24 November 2023

In the “Barrack 38” museum of the Nazi concentration camp of Sachsenhausen, in Oranienburg (Germany), in 2020.

“Nein, Nein, Nein! Depression, Psychic Torment and a Bus Tour of the Holocaust” (Nein, Nein, Nein! One Man’s Tale of Depression, Psychic Torment and a Bus Tour of the Holocaust), by Jerry Stahl, translated from English (States States) by Morgane Saysana, Rivages, 352 p., €22, digital €17.

Damn the antidepressants. Rather than relieve his discomfort – failed marriages, career “in bulk”, failing health –, Jerry Stahl chose to feed him. And probably in the worst possible way: by embarking on an organized tour in Germany and Poland in the footsteps of Nazi concentration camps and killing centers. A way for this former American heroin addict, author and television screenwriter, to experience the unfathomable to relieve his own misfortunes, including the suicide of his father when he was a teenager, and the announced failure of his next audiovisual project. “I needed to get my teeth into something bigger than my own spiral of shame. (…) to reinforce the sadness and rage that gnawed at my insides. I needed to tread the ground trodden by Himmler. »

This funny epic of two weeks by coach, the novelist tells it, in his eighth translated book, through the prism of humor and self-mockery. There is no dead hand when he imagines himself as a screenwriter struggling, blundering and misunderstood – he is the only vegetarian and abstemious in his group, and his jokes fall flat. Or when he expresses paranoia (” hebranoia ») who lives there – he is Jewish and, back in a Poland where his grandfather fled the pogroms, he sees anti-Semites and neo-Nazis everywhere. It must be said that his physical resemblance to the Kramer of the series Seinfeld don’t let it go unnoticed.

But his teeth are just as harsh when he ridicules the compatriots with whom he travels: these two homosexual septuagenarians who visit the dismal places of the Second World War as if they were on an excursion, or this young couple who argue loudly loudly in the crematory room of Auschwitz-Birkenau around the question of its resemblance to a pizza oven.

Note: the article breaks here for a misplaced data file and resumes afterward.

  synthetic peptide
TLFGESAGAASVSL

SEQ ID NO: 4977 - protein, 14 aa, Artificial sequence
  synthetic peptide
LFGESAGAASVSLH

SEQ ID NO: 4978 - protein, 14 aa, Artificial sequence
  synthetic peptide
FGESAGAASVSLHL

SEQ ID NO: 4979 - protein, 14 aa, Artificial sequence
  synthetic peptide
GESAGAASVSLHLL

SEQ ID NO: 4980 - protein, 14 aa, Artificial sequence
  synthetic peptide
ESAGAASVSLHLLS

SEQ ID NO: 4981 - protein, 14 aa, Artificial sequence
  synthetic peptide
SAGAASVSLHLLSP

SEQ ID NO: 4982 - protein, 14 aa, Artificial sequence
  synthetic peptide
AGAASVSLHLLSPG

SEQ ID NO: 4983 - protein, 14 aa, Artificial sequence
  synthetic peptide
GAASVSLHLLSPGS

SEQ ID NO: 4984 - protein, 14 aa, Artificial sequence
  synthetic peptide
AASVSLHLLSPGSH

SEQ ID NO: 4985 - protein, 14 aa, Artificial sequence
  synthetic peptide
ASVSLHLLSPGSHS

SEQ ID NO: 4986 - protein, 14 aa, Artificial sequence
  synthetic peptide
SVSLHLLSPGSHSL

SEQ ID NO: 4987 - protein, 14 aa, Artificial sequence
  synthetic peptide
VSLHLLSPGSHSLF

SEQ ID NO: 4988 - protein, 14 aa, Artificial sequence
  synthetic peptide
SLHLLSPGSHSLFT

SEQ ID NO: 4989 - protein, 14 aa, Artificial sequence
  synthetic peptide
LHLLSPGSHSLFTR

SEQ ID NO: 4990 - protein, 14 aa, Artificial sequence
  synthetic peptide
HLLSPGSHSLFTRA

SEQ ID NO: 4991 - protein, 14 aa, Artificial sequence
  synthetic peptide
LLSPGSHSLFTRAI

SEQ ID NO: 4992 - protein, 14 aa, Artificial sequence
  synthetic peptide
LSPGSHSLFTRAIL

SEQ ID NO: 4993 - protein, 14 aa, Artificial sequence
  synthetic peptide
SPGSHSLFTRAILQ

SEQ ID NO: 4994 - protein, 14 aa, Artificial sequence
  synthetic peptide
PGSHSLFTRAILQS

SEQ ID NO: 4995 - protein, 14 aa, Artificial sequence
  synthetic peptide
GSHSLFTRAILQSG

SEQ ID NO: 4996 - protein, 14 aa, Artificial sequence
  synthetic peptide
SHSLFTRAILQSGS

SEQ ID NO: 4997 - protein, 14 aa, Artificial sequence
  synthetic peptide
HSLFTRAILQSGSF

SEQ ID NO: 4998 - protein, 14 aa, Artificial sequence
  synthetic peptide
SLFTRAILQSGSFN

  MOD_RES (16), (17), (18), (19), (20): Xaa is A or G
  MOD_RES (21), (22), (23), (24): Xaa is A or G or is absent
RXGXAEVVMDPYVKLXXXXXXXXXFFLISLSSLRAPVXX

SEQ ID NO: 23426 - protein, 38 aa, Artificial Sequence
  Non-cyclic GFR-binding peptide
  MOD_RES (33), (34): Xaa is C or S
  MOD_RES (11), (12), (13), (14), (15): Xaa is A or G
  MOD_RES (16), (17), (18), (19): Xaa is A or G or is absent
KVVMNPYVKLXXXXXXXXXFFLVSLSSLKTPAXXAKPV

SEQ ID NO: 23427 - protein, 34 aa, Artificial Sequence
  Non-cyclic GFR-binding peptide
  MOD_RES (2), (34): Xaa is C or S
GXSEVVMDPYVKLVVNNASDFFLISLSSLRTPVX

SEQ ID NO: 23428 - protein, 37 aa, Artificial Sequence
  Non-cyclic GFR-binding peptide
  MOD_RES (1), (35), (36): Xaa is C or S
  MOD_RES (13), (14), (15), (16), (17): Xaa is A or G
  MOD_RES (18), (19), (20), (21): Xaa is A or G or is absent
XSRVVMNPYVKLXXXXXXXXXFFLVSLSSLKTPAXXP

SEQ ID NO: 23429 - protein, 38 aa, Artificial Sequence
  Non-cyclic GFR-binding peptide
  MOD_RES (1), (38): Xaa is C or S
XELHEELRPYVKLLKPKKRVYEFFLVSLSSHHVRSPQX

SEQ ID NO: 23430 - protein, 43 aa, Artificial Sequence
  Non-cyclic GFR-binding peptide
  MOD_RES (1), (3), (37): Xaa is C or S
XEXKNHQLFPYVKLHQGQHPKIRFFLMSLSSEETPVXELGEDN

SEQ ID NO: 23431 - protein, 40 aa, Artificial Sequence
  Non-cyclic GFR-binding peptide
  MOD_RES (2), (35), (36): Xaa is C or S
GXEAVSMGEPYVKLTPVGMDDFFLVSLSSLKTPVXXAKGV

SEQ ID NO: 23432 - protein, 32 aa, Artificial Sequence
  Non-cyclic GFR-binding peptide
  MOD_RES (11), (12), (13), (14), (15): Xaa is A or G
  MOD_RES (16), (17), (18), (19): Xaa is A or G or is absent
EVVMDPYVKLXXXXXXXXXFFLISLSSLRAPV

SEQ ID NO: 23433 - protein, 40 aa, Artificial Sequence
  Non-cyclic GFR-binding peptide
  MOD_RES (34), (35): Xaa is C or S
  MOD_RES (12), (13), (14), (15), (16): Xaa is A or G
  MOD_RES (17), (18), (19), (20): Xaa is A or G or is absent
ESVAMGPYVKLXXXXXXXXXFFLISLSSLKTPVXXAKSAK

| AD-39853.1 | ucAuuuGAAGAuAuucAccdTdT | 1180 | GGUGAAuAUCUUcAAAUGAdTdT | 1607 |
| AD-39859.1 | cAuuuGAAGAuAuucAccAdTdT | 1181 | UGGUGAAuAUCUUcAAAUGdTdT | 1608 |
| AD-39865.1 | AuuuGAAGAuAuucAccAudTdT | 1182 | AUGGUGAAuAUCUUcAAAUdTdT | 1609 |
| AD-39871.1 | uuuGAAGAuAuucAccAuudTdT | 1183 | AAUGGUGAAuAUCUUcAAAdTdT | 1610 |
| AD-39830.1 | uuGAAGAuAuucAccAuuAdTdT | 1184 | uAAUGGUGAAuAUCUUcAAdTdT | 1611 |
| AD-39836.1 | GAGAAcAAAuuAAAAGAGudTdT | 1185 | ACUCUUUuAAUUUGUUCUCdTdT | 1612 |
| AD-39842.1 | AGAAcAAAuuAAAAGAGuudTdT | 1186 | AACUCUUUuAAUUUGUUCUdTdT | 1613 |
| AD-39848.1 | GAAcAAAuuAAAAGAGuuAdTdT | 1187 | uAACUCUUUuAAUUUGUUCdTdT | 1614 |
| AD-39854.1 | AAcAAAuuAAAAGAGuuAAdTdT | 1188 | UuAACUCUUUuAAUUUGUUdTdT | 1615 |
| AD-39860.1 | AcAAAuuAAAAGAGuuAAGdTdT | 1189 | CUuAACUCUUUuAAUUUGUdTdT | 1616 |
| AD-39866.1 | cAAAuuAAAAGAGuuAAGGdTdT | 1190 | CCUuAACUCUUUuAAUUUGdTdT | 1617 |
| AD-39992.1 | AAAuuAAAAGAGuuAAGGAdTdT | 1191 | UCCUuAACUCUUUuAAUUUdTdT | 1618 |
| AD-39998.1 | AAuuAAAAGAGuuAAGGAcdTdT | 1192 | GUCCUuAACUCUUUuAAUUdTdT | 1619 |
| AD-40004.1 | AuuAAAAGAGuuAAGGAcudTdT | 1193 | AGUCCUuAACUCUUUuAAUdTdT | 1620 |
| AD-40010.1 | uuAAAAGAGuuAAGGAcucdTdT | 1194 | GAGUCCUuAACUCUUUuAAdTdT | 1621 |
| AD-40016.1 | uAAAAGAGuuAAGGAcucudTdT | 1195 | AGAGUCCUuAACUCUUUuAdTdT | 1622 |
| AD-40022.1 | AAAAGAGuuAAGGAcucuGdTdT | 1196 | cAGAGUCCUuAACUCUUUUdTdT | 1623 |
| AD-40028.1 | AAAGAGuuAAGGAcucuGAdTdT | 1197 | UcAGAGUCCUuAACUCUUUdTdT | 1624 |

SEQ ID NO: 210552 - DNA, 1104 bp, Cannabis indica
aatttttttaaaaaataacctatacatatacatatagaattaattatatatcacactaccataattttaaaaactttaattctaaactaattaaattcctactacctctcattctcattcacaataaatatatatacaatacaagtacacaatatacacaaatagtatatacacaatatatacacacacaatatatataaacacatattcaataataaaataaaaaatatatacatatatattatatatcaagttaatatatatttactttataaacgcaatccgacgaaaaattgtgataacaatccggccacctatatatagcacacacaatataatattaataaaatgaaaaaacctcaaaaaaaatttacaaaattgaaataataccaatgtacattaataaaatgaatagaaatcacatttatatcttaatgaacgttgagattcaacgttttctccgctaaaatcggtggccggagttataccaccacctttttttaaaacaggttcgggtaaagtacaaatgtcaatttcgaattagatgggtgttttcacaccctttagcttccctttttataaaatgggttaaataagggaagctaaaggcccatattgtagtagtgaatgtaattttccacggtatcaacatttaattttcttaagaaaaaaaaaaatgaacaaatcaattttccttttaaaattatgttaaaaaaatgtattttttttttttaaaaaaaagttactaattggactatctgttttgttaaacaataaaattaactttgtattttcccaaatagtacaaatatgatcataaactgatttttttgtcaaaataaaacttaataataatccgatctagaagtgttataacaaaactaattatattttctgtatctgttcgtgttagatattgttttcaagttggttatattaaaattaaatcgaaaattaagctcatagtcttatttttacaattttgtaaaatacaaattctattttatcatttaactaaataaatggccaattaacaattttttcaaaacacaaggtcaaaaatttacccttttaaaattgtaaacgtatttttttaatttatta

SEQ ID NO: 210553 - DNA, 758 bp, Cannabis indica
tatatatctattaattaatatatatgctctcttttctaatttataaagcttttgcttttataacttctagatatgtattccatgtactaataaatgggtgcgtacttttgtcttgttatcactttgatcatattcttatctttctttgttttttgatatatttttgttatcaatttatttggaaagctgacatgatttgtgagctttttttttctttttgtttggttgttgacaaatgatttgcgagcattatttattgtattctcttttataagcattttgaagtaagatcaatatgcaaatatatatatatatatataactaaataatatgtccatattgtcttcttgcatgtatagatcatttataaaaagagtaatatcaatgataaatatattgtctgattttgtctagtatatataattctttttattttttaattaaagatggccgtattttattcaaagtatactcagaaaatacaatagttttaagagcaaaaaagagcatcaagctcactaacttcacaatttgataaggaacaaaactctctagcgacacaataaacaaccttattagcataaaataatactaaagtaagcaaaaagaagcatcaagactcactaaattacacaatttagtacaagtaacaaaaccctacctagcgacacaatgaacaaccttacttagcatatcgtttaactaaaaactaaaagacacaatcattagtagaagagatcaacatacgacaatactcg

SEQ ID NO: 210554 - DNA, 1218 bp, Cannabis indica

Keep the horror at bay

Succession of paintings and sketches with very oral writing, the novel gives the impression of being the text of a stand-up comedian stalking his reader with provocations and references to cinema or American comics. This way of keeping the horror at bay with grating laughter and digressions is often disconcerting, but skilfully strikes. Because behind the farce (how not to laugh when the narrator buys miniatures in Warsaw bearing the effigy of “stingy rabbis”, supposed to bring good luck?) deep questions surface on the slippery slope of exacerbated nationalisms in which the Europe and, even more, the America of Donald Trump. The comparisons, certainly outrageous, between the former president and Hitler are not lacking, but they invite reflection. Thus, when Stahl imagines the Nazi leader in his sixties: “A fat jerk doubled with a lazy, steeped in racist ideas, enjoying unlimited power and a cohort of generals under his command. »

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